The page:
Like Horses, We Falter When We Lose Our Way
Remembering the herd clustered near the gate where Echo had died, I thought of all the horses that might be waiting for her in the great beyond, her herd in the sky. San Martine. Casteel. The weather horses Windy, Cloudy, and Sunny. The Peruvian Pasos de la Montana and Abril. My gentleman Arab Farside. Sweet Lena. Handsome Wendy. Dominica, the big warmblood. And so many more.
With each new member, and with each loss, the herd has had to restructure itself. Each horse must learn, or re-learn, its place within the herd. Each new horse must learn to respect the leaders, will suffer discipline and loneliness if they do not. Winter or summer, the horses do all of this while moving like a flock of birds in the sky—floating on the wind—always touching but not touching.
Our human herd at the barn mirrors whatever is going on with the herd, but we don’t always recognize that we are doing this. Change disrupts our sense of order. We are rarely as graceful as the horses in reestablishing our equilibrium. We look for leadership. And like now, we falter when there is none.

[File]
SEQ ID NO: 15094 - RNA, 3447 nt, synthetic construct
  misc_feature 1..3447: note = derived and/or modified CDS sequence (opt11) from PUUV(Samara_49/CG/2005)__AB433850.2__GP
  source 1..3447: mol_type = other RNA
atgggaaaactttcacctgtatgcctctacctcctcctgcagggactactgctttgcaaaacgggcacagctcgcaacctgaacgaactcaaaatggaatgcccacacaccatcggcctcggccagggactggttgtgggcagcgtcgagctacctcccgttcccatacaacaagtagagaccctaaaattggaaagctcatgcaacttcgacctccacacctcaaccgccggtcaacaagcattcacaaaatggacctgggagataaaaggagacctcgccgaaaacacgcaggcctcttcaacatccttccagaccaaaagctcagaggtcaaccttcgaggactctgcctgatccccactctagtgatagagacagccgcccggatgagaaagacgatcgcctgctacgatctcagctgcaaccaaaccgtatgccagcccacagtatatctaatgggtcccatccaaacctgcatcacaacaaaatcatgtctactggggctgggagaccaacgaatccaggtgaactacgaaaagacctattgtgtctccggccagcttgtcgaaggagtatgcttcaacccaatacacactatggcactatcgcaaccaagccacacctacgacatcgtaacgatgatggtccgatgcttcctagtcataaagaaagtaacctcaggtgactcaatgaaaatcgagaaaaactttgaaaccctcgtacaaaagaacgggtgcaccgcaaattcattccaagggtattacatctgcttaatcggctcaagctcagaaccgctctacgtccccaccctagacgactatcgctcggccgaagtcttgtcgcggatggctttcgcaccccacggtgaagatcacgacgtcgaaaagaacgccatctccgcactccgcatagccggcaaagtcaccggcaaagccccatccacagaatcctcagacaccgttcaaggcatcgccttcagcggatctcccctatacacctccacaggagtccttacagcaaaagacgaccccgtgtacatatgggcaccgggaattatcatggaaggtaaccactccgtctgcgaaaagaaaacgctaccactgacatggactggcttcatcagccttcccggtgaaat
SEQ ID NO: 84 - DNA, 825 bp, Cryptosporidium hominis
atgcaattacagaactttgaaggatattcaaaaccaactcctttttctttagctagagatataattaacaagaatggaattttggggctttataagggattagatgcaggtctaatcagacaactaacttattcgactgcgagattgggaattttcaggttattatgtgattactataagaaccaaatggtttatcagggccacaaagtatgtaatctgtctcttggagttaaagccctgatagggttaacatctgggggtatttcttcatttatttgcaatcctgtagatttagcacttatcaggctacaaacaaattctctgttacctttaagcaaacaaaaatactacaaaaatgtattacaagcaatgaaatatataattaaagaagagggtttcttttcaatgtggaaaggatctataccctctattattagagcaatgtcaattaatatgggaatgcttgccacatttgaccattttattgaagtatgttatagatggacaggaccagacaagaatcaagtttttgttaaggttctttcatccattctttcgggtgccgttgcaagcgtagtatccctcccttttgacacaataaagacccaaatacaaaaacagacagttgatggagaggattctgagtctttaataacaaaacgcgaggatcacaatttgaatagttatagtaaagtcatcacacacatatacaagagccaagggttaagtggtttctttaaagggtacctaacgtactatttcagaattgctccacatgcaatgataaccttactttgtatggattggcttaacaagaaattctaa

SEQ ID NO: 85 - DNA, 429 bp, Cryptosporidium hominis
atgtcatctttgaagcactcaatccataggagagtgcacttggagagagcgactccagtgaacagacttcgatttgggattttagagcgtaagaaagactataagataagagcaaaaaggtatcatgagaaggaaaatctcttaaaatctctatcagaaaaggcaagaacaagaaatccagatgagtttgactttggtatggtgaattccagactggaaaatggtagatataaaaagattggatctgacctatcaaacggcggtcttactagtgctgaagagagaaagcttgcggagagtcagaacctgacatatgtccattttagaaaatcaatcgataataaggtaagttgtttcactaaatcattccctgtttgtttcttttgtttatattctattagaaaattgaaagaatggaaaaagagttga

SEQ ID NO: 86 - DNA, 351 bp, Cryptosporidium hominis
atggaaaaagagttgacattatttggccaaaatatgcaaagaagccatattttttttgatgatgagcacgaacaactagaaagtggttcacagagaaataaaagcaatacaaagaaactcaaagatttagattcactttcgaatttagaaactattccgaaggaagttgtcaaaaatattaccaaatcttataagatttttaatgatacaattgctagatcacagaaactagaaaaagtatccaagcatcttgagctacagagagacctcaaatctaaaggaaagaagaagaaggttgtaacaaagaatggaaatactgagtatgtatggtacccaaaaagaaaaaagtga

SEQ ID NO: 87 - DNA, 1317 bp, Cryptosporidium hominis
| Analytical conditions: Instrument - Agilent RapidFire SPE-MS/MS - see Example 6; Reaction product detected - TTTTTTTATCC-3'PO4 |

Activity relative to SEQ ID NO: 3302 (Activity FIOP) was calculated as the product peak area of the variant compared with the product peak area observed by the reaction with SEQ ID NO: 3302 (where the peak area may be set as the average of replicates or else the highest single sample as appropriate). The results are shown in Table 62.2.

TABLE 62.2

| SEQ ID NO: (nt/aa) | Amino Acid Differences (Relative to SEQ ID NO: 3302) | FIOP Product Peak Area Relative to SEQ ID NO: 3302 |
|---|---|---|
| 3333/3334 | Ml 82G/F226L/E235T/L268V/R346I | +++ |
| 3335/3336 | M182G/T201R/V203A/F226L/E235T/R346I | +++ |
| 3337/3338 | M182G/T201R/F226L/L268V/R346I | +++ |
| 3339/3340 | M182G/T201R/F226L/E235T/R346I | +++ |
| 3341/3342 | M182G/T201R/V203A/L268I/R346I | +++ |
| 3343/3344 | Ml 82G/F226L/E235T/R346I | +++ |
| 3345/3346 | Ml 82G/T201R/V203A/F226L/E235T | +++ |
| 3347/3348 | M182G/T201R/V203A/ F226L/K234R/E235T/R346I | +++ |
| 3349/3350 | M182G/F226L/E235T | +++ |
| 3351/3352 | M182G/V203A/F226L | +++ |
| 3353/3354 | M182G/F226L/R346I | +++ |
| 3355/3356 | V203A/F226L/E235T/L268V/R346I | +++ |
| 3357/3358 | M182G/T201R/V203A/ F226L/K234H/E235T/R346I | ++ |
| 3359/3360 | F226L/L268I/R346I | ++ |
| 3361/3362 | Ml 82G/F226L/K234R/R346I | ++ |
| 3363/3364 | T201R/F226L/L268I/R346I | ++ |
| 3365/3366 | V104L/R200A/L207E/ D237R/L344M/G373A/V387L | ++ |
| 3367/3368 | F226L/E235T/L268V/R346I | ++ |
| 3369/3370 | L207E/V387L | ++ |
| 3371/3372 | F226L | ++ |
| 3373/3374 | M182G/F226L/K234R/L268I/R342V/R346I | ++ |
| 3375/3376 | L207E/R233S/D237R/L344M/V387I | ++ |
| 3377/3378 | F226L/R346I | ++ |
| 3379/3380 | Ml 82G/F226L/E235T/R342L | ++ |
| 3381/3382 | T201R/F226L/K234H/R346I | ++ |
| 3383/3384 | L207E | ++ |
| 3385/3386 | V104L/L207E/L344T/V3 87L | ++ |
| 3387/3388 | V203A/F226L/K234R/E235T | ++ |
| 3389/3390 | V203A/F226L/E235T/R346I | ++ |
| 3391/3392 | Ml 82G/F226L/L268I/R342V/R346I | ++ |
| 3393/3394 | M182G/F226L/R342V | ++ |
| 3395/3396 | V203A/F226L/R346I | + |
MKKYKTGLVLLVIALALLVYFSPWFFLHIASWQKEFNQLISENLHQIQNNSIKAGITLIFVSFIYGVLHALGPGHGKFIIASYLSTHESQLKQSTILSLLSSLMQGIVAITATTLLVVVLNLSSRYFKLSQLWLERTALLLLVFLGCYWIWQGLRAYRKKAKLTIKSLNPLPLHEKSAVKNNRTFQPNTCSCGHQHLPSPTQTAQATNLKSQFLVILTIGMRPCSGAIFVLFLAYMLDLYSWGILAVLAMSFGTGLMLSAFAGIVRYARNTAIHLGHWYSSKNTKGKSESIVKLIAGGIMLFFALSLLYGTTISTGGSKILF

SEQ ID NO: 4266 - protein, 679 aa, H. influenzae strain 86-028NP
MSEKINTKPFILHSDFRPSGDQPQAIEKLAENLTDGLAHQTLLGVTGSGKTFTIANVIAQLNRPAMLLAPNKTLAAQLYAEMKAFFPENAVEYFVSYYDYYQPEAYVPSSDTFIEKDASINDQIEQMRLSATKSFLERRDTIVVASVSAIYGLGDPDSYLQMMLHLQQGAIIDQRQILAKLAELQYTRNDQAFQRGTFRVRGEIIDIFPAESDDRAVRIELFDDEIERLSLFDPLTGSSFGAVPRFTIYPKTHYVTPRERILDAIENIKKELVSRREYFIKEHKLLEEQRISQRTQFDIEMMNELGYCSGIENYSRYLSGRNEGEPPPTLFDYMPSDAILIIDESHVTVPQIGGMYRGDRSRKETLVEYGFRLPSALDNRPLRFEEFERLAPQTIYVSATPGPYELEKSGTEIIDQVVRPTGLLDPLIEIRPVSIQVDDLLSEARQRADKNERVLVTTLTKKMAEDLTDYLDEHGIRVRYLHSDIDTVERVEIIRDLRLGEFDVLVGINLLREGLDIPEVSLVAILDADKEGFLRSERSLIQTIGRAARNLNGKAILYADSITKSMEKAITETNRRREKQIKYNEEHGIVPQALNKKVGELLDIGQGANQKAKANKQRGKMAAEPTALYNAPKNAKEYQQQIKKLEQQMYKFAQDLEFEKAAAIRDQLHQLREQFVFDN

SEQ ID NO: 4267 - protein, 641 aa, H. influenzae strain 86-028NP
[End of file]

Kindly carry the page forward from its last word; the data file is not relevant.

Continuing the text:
Echo's herd looks to the elders of the herd for leadership, now more than ever - big gentle black Milagro, the undisputed aging king, and Di, the wise queen mare. She stands quietly behind him here, patient in her reign, though it will eventually slip away from both of them. We do not know who will step up to take their places.
I worry for our human herd—the one outside these pristine pastures. I fear that humans lack the wisdom of these horses. I fear that we no longer understand that our survival and serenity depend on our ability to form and hold community. Echo knew this when she welcomed my Arab gelding Farside to the herd, following him as he explored his new home.
In her groundbreaking EQUUS training program, Flying Lead Change, Kelly Wendorf teaches a way of leadership "modeled on a 56 million-year-old system of the horse herd––a path that has allowed humans and horses alike to survive the kinds of global and societal threats we now face, such as climate change and mass extinction." The book was released this month and is available now.